Archive for category: Videos

Every Month Matters: Living with Prostate Cancer


This video tells the story of Matt, who was diagnosed with advanced prostate cancer and told he only had two years to live. Nine years after he was diagnosed, Matt and his family share their experience of living with prostate cancer and how the diagnosis affected their lives.

Every Month Matters is a disease awareness campaign funded by Astellas Pharma Europe Ltd.

Please visit the campaign website Every Month Matters for more information.

BJUI have no conflict of interest. This video is posted for patient awareness.

Video: Dr Cooperberg’s article commentary on prostate cancer treatment

Primary treatments for clinically localised prostate cancer: a comprehensive lifetime cost-utility analysis

Matthew R. Cooperberg, Naren R. Ramakrishna, Steven B. Duff*, Kathleen E. Hughes, Sara Sadownik, Joseph A. Smith§ and Ashutosh K. Tewari

Departments of Urology and Epidemiology and Biostatistics, UCSF Helen Diller Family Comprehensive Cancer Center, San Francisco, CA, *Veritas Health Economics Consulting, Inc., Carlsbad, CA, Department of Radiation Oncology, MD Anderson Cancer Center, Orlando, FL, Avalere Health LLC, Washington, DC, §Department of Urologic Surgery, Vanderbilt University, Nashville, TN, and Department of Urology, Cornell University, New York, NY, USA

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• To characterise the costs and outcomes associated with radical prostatectomy (open, laparoscopic, or robot-assisted) and radiation therapy (RT: dose-escalated three-dimensional conformal RT, intensity-modulated RT, brachytherapy, or combination), using a comprehensive, lifetime decision analytical model.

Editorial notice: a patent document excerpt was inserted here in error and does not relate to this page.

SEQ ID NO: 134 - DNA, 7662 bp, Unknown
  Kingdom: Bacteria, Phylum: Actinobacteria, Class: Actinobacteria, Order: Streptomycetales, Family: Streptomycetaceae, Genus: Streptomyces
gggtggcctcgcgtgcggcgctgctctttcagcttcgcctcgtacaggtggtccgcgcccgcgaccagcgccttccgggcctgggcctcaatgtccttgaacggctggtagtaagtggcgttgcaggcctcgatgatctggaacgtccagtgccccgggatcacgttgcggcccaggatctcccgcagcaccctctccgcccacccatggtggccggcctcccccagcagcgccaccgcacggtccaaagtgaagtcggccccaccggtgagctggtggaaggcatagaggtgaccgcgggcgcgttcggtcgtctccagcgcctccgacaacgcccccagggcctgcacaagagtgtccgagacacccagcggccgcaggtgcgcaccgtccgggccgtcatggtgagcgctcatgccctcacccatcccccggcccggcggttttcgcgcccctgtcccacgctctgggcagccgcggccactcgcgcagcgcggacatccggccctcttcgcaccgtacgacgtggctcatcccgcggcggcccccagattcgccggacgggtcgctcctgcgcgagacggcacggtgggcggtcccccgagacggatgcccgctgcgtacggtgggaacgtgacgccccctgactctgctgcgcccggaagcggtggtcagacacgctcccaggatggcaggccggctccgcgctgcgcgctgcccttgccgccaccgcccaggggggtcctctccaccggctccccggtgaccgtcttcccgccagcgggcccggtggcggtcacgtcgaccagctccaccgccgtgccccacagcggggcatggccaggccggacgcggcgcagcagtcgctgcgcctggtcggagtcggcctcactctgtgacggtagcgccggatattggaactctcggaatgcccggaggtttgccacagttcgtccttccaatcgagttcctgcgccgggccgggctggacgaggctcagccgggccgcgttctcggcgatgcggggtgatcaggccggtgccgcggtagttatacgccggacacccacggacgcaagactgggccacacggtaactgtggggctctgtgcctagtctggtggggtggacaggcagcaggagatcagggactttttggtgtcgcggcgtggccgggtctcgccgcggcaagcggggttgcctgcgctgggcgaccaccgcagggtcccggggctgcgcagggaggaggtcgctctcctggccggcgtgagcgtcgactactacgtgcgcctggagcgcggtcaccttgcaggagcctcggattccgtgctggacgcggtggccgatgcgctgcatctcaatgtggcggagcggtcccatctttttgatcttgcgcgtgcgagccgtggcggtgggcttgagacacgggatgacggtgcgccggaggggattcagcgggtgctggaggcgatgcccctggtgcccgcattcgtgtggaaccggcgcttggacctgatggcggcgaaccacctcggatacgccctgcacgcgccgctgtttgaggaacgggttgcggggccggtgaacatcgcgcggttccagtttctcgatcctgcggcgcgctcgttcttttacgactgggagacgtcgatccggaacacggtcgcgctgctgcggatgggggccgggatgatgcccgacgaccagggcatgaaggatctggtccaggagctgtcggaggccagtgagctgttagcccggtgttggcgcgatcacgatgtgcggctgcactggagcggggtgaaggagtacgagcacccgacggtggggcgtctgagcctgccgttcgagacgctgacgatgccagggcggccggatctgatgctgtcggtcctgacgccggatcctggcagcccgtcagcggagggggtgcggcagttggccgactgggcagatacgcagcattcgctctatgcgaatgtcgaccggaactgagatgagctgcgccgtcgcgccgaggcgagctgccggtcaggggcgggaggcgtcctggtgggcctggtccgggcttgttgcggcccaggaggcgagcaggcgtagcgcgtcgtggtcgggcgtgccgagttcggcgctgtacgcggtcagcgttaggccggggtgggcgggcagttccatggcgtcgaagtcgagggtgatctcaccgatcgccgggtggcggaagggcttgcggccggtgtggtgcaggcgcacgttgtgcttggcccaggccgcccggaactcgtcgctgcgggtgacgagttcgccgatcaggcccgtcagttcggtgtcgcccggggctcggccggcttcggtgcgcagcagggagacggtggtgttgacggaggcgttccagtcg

• A Markov model was constructed to follow hypothetical men with low-, intermediate-, and high-risk prostate cancer over their lifetimes after primary treatment; probabilities of outcomes were based on an exhaustive literature search yielding 232 unique publications.

• In each Markov cycle, patients could have remission, recurrence, salvage treatment, metastasis, death from prostate cancer, and death from other causes.

• Utilities for each health state were determined, and disutilities were applied for complications and toxicities of treatment.

• Costs were determined from the USA payer perspective, with incorporation of patient costs in a sensitivity analysis.


• Differences across treatments in quality-adjusted life years across methods were modest, ranging from 10.3 to 11.3 for low-risk patients, 9.6–10.5 for intermediate-risk patients and 7.8–9.3 for high-risk patients.

• There were no statistically significant differences among surgical methods, which tended to be more effective than RT methods, with the exception of combined external beam + brachytherapy for high-risk disease.